Blackmailers extort small amounts to stay off radar

Email fraudsters, who attempt to extort money from victims by threatening to release embarrassing or illicit material, target no more than 10 work email accounts at a time and make moderate payment demands to stay under the radar, according to Barracuda.

Barracuda tapped researchers at Columbia University in the United States to study and analyse 300,000 emails detected as blackmailing scams over a period of 12 months in Asia and worldwide.

Findings revealed how scammers making payment demands of around US$1000 in Bitcoin, are able to stay under the radar and avoid alerting potential victims, security teams and payment systems.

Extortion attacks threaten to expose compromising information, such as photos, videos, or details of illicit online activity, unless the victim pays the attackers – generally in a cryptocurrency such as bitcoin.

The team at Columbia grouped the extortion emails by the bitcoin wallet addresses in them. They assumed that an attacker would use the same bitcoin wallet for all their attacks so that one wallet corresponds to one attacker. 

The team found 3,000 unique bitcoin wallet addresses. Of these, 100 wallets appear in 80% of the emails. 

This suggests that a relatively small number of attackers were responsible for most of the extortion emails.

Also, the team looked at the “sender” email fields for each extortion email. They assumed that an attacker would use the same account for all the emails distributed in a single attack but might use a different account for another attack, and so on. 

The team found that 97% of sender accounts sent out fewer than 10 attack emails each. Of the attacks, 90% demanded payments of less than $2,000 in bitcoin. 

“Our analysis suggests that extortion scams are implemented by a relatively small number of perpetrators, each firing off multiple small-scale attacks with moderate extortion demands,” said Asaf Cidon, associate professor of electrical engineering at Columbia University.

Cidon said these relatively modest sums make it likelier the targets will cooperate with the extortion, and the relatively small number of emails per sender make it easier for attackers to evade detection by traditional security technologies and anti-fraud measures at payment providers and avoid arousing the attention of law enforcement and the media – which would alert potential victims to the scam.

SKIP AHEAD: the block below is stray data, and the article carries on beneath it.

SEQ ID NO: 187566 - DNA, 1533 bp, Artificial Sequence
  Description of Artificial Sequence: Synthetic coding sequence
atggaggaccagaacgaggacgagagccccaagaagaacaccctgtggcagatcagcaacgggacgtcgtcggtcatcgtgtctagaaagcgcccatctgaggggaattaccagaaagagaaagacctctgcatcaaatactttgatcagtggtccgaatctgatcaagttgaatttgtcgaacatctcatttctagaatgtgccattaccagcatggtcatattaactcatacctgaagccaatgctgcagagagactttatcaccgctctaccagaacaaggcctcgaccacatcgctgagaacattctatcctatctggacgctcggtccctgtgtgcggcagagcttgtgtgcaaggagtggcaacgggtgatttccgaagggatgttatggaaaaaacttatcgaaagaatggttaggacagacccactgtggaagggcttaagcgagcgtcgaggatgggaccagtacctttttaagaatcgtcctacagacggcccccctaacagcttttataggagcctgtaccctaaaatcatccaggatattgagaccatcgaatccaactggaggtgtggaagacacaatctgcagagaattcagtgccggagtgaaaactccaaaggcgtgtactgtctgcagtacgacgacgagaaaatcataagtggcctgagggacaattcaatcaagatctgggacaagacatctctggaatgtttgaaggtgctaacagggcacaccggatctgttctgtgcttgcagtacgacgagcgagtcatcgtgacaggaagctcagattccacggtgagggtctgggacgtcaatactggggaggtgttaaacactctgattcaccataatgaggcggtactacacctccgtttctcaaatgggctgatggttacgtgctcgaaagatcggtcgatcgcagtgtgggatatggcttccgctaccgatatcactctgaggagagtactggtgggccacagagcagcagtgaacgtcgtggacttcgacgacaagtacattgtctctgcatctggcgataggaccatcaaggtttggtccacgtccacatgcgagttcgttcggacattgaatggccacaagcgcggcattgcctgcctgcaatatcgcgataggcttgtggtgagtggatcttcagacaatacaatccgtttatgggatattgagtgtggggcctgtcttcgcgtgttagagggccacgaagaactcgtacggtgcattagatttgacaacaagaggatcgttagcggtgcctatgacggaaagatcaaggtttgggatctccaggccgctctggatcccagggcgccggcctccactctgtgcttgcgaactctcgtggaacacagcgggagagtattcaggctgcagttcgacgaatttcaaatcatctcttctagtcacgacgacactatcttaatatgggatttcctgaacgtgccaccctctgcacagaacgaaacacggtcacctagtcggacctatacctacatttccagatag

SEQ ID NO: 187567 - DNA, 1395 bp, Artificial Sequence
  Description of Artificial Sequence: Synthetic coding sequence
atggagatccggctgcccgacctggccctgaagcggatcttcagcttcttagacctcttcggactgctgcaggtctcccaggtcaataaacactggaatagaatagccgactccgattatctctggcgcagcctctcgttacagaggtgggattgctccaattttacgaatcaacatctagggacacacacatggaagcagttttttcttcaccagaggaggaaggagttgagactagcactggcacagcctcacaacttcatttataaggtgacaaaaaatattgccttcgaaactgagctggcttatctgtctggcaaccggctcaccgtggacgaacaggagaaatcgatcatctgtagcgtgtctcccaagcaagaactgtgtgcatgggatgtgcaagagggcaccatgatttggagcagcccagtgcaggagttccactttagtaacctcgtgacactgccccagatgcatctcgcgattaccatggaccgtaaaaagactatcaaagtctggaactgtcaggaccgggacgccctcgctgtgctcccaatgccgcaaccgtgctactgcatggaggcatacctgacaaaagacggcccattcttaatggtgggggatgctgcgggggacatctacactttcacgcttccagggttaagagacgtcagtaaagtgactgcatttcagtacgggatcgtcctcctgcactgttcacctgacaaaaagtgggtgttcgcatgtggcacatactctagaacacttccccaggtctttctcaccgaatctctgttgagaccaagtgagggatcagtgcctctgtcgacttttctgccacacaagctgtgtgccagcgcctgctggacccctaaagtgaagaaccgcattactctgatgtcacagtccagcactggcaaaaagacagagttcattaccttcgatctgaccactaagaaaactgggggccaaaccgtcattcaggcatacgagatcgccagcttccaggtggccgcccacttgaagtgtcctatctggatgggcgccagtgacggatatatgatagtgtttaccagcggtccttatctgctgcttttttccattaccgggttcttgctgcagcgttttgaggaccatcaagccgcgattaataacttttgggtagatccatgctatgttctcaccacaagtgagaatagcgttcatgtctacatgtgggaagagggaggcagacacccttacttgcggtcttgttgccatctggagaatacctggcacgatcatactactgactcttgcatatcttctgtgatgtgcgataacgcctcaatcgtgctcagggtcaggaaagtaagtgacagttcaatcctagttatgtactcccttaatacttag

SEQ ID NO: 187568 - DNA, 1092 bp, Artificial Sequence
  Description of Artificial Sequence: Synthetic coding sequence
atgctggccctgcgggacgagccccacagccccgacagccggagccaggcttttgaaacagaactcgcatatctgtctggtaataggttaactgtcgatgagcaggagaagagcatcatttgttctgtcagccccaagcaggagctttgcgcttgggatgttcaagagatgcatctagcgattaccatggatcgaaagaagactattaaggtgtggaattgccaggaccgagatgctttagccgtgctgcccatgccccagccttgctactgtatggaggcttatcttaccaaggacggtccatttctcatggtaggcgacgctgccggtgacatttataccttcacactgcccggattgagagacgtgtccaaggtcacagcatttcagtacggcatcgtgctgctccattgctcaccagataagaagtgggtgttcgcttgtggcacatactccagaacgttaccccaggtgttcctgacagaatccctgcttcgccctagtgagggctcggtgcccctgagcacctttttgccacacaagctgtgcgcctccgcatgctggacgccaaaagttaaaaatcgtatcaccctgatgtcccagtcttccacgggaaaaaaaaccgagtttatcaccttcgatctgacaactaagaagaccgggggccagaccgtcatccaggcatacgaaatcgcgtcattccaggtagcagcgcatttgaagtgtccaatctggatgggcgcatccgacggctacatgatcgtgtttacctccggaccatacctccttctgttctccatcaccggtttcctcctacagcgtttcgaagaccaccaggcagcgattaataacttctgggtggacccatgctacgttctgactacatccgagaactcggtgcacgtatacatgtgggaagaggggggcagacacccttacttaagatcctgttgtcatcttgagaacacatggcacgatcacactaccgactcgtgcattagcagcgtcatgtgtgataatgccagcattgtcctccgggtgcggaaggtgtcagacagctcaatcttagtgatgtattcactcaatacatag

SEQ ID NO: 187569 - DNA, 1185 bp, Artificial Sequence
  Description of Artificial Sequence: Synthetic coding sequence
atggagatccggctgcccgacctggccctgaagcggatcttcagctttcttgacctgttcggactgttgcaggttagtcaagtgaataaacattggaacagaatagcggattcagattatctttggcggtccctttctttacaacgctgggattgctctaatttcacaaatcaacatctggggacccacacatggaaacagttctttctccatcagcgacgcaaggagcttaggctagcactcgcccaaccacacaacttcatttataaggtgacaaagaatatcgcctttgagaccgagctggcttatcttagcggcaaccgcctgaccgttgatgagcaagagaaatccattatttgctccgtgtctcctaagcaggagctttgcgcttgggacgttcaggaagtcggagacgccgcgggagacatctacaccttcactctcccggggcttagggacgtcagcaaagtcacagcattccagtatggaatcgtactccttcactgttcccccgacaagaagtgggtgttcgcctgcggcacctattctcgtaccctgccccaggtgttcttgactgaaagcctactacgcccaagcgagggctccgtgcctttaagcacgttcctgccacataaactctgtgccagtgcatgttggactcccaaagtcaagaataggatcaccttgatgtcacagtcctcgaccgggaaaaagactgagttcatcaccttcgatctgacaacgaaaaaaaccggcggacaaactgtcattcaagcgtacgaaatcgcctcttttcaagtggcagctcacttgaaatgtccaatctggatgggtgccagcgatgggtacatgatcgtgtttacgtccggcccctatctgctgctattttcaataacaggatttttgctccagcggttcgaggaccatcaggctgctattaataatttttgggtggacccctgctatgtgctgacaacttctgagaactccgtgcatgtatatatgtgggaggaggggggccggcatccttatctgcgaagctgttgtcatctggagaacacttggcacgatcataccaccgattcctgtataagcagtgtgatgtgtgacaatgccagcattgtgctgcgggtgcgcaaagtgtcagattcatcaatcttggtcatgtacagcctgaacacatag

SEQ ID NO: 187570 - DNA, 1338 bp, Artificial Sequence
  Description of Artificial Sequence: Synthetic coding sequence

Mark Lukie, Barracuda’s director of solution architects in APAC, said txtortion attacks need to be taken seriously by security teams, especially when they are targeting people through their work email accounts .

“How did the attacker get hold of the account details, for example – were they exposed or stolen at some point? Or does it mean that the recipient has used their work account and device for inappropriate activity such as visiting questionable websites?,” said Lukie.

“Both scenarios have security implications for the company – and for the target. This can be embarrassing and distressing and can potentially make it more likely a victim will pay,” he added.

According to Barracuda, there are some important steps that security teams can take to keep employees and the wider organisation protected from extortion scams. 

These include investing in AI-powered email security that can detect and block such emails before they reach the intended recipient and prevent attackers from seizing control of accounts and using the company as a base to launch other attacks. 

This should be coupled with employee training and security policies that discourage staff from using their work email to access third party sites or to store sensitive, personal material on work devices – but which also provide them with a safe and confidential place to report an incident.